Women in scientific production


March 2016 - Gender equality forms part of research and innovation policy in many countries and organisations. It aims to promote equal participation and opportunities for women and men in research careers, encompassing issues ranging from compulsory education to gender balance in scientific decision-making. Achieving parity in participation in tertiary education is of particular importance, especially in research degrees, as this provides an increasingly important entry mechanism into research careers and senior roles across the science and innovation system. Since 2005, OECD countries have witnessed considerable convergence towards gender parity across most domains. The flow of new doctorates awarded to women has grown at a higher annual rate than for those awarded to men. However, the share of women doctorate holders in the working age population remains below that of men in almost all countries.    


Source: OECD calculations based on OECD data collection on Careers of Doctorate Holders, 2014 and other international sources, June 2015


Furthermore, a new indicator based on an experimental global survey of scientific publication authors, shows considerable differences across countries in the share of women among authors who are designated as corresponding authors, a proxy for leadership in the context of research collaboration. These figures reflect patterns found in OECD statistics on the gender composition of the R&D personnel workforce and doctorate holders, but present a slightly more male centric gender distribution. This may signal additional challenges for women researchers to feature as leading authors. Despite the non-linear nature of many research careers and the time taken for convergence in doctorate graduation numbers to be reflected at more senior levels, the data suggest that gender equality in scientific publishing and team leadership is not occurring as rapidly as in careers. Data from this survey reveal that representation of women is highest in the social sciences, especially in the arts and humanities (slightly above 30% of corresponding authors), and lowest in physics, followed by materials science and chemical engineering at 15% or less.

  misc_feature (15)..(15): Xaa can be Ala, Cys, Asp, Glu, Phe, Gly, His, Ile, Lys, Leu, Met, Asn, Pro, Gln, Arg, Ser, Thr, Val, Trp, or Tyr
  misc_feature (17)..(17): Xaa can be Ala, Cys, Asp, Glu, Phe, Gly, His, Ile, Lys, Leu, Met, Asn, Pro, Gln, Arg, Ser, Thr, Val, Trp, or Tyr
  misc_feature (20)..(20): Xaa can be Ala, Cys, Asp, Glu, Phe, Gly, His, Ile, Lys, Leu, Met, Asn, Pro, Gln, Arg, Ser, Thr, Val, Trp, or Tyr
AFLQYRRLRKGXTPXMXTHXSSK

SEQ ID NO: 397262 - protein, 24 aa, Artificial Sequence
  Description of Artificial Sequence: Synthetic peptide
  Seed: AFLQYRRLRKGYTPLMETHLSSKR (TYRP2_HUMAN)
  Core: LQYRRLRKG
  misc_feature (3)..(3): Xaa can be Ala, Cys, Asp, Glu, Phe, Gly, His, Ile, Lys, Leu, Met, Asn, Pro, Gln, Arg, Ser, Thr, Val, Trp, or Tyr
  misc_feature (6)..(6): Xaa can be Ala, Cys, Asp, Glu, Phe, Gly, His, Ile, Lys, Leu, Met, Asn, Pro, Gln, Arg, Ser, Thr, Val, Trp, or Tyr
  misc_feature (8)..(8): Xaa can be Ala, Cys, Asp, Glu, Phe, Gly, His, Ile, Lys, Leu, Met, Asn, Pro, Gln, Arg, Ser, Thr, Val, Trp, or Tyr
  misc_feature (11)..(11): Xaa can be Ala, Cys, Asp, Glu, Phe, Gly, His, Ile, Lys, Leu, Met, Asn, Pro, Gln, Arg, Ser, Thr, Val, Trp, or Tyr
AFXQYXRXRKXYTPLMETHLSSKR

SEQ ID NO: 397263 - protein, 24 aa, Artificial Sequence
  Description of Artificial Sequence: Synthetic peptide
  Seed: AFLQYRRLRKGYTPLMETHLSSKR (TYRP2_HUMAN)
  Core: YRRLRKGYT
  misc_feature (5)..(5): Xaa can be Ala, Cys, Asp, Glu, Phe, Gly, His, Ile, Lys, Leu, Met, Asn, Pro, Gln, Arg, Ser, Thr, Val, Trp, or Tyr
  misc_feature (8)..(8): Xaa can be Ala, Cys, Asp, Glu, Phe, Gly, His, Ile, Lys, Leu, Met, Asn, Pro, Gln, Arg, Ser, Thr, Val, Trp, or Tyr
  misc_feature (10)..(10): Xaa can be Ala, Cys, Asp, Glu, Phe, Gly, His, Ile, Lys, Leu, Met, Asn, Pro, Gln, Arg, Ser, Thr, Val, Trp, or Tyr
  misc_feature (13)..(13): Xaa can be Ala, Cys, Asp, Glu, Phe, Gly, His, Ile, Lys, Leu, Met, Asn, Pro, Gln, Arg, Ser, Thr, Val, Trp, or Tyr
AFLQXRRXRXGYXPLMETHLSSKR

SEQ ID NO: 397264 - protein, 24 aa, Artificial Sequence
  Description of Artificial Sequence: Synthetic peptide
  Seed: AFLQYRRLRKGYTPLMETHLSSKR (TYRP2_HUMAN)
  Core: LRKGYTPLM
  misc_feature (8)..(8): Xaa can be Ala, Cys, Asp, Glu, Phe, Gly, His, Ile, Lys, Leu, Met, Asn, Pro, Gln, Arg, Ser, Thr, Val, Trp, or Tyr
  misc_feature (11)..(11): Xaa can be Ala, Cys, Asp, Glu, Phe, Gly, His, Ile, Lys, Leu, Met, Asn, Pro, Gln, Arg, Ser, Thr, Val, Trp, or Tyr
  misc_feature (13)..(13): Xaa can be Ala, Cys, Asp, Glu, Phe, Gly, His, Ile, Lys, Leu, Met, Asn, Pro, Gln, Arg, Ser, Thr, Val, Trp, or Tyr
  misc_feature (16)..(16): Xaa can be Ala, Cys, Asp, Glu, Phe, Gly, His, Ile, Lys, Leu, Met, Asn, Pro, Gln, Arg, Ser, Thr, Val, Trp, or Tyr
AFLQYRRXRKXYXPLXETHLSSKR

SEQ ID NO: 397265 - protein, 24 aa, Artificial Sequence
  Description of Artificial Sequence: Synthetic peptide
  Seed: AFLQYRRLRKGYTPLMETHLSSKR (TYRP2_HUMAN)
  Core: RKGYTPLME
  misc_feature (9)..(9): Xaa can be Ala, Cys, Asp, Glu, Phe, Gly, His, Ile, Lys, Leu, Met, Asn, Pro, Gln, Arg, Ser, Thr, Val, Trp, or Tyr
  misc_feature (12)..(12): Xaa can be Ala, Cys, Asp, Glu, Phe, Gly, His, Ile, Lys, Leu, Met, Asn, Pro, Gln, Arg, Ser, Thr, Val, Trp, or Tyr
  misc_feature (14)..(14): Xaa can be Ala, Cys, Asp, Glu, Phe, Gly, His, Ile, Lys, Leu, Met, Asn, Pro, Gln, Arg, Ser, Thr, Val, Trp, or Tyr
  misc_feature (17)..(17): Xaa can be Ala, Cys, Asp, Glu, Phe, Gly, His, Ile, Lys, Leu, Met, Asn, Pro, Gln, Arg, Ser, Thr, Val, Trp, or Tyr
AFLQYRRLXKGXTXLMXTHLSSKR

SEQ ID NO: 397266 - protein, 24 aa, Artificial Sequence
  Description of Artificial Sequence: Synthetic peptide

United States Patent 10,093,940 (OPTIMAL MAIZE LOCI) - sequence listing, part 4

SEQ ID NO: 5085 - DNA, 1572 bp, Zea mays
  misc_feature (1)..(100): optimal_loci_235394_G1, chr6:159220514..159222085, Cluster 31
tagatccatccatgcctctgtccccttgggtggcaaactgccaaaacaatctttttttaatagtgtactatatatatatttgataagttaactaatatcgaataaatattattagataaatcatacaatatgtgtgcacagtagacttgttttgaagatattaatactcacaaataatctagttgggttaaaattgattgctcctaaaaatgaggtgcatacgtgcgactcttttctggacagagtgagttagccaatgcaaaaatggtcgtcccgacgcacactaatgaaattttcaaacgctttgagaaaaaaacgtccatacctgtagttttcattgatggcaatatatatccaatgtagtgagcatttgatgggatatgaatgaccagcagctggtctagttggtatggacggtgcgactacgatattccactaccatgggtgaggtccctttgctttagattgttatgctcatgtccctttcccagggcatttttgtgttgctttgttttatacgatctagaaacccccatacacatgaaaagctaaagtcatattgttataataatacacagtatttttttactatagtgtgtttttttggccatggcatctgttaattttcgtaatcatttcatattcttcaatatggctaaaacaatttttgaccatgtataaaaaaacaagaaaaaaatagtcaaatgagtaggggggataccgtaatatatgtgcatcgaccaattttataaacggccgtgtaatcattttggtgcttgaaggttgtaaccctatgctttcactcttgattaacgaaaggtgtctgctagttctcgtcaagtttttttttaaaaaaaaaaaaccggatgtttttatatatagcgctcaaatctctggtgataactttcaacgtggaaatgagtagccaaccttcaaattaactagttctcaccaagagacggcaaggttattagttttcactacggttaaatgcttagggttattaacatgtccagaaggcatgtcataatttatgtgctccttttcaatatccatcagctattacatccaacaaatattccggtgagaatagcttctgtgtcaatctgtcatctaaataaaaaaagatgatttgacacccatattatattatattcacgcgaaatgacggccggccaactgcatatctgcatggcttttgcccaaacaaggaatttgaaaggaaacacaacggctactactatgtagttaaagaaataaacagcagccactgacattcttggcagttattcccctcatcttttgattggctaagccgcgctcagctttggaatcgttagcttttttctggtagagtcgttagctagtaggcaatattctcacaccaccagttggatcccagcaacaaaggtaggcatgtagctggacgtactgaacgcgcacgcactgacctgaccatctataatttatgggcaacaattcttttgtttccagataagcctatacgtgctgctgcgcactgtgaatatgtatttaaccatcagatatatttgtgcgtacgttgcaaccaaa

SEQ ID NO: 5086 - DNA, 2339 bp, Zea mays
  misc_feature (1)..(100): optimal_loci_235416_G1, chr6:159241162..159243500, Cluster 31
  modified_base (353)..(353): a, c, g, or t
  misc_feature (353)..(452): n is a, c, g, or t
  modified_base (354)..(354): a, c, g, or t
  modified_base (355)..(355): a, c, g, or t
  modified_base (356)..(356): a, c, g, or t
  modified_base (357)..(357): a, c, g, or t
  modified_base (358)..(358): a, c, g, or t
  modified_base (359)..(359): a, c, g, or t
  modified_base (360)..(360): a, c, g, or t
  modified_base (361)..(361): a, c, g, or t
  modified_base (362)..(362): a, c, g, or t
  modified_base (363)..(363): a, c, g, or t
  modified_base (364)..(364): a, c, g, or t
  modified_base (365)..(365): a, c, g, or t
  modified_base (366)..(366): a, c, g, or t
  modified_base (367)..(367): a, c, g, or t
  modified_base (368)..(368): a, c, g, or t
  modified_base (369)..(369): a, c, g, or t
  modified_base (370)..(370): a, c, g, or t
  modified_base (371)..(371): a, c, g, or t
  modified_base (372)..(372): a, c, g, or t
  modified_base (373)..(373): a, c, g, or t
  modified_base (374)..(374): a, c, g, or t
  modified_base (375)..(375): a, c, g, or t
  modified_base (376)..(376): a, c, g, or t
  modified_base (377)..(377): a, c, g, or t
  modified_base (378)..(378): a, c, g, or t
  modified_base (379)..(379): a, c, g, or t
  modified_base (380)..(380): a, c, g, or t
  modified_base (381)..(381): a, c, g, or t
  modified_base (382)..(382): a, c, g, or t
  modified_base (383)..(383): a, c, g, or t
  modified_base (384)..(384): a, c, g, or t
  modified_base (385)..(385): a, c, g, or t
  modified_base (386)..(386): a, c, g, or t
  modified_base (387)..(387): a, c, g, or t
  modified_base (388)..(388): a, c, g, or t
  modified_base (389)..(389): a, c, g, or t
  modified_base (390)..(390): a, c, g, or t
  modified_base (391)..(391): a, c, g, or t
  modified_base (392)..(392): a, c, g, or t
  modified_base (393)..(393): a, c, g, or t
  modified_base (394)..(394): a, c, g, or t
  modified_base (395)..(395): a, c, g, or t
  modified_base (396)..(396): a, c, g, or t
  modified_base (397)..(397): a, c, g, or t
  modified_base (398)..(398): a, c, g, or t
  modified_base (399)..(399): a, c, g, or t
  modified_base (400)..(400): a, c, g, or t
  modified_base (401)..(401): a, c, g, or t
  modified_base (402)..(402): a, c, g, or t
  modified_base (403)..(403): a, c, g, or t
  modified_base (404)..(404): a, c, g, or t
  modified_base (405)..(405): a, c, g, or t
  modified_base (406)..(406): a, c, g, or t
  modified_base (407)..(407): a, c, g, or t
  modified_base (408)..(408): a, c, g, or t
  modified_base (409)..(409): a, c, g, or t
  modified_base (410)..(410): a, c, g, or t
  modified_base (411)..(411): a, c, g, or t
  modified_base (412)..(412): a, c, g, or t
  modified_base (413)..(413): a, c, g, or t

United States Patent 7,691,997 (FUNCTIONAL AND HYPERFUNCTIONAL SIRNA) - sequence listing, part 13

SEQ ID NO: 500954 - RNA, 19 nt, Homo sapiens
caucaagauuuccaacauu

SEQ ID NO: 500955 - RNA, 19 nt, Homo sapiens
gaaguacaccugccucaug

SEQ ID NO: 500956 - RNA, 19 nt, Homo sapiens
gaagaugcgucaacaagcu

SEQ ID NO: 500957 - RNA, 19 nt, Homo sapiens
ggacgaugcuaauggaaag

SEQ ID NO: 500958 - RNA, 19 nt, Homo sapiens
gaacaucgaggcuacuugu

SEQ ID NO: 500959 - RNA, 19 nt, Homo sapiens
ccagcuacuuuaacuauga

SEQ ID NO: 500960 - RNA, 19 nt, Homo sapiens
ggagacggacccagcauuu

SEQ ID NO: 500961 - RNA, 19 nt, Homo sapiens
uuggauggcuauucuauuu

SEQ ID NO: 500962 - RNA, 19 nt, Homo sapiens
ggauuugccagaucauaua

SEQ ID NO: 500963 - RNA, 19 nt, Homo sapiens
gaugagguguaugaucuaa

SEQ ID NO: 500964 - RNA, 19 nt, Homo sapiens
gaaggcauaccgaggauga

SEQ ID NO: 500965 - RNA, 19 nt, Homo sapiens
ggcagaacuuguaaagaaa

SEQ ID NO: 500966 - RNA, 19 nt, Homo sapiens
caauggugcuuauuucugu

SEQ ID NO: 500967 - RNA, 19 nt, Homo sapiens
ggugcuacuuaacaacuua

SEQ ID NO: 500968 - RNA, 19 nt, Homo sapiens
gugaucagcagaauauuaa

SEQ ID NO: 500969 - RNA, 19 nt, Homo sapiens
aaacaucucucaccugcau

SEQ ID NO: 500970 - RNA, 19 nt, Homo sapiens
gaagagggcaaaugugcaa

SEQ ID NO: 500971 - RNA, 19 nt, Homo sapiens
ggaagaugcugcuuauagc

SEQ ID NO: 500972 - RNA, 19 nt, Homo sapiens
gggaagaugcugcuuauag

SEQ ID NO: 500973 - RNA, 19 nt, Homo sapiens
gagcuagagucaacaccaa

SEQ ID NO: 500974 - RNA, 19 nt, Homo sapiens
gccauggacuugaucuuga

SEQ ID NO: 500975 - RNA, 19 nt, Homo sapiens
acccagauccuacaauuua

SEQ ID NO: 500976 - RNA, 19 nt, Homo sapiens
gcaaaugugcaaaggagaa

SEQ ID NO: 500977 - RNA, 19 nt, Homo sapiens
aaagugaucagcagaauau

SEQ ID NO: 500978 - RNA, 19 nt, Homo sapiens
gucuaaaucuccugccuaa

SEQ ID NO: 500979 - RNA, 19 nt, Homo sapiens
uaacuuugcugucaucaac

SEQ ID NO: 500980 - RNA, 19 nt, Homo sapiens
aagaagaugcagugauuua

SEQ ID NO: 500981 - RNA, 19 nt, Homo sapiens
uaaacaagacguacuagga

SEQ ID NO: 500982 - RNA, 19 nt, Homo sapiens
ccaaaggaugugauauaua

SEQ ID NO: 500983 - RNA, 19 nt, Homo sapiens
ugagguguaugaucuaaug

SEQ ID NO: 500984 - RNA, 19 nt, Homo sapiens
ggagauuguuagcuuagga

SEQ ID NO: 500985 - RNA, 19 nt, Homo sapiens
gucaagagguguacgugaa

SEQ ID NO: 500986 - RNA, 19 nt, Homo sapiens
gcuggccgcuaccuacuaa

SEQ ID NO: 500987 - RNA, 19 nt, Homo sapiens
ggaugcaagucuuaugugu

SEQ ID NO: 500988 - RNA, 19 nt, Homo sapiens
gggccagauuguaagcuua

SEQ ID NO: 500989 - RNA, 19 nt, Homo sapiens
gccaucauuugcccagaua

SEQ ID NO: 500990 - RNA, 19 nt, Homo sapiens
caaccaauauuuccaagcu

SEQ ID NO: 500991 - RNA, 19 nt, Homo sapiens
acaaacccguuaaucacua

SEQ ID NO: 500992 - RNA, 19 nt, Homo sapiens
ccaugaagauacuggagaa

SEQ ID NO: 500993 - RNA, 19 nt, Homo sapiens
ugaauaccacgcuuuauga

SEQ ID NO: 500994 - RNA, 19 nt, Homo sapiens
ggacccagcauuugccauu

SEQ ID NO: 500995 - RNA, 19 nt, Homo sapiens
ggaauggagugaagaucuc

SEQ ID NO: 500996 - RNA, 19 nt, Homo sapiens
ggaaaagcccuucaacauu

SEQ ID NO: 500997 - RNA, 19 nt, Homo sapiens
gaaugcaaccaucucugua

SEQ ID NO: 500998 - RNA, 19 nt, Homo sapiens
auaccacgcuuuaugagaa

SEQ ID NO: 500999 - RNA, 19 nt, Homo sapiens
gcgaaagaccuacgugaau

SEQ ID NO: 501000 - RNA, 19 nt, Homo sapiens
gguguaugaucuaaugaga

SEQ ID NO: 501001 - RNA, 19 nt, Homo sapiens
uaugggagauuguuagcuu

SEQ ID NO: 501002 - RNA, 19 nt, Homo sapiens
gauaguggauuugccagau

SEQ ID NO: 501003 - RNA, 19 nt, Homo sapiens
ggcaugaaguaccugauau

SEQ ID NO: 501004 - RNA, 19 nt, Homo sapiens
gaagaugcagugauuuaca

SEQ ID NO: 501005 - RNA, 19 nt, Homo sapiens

Note: This is an experimental indicator, based on a stratified random sample of scientific authors.
Source: OECD, based on preliminary analysis of the "OECD Pilot Survey of Scientific Authors", July 2015.


How were these estimates derived? Estimates were based on the authors’ self-reported gender in the OECD Pilot Survey of Scientific Authors carried out in January 2015. Samples were drawn from documents published in 2011 and indexed in the Scopus database, focusing on the document’s author designated as “corresponding author”. The fields covered in this survey include Arts and Humanities, Business, Chemical Engineering, Immunology and Microbiology, Materials Science, Neuroscience and Physics and Astronomy. Weighted averages take into account sampling design and non-response patterns by fields, country and journal status. No gender information about the population is available, so this factor does not enter the calculations of sampling weights and non-response analysis. A number of researchers and organisations are exploring how to use information on names to identify the statistically most likely gender with a view to enabling more detailed gender-based analyses.


Further reading

OECD Science, Technology and Industry Scoreboard 2015, OECD (2015), OECD Publishing, Paris


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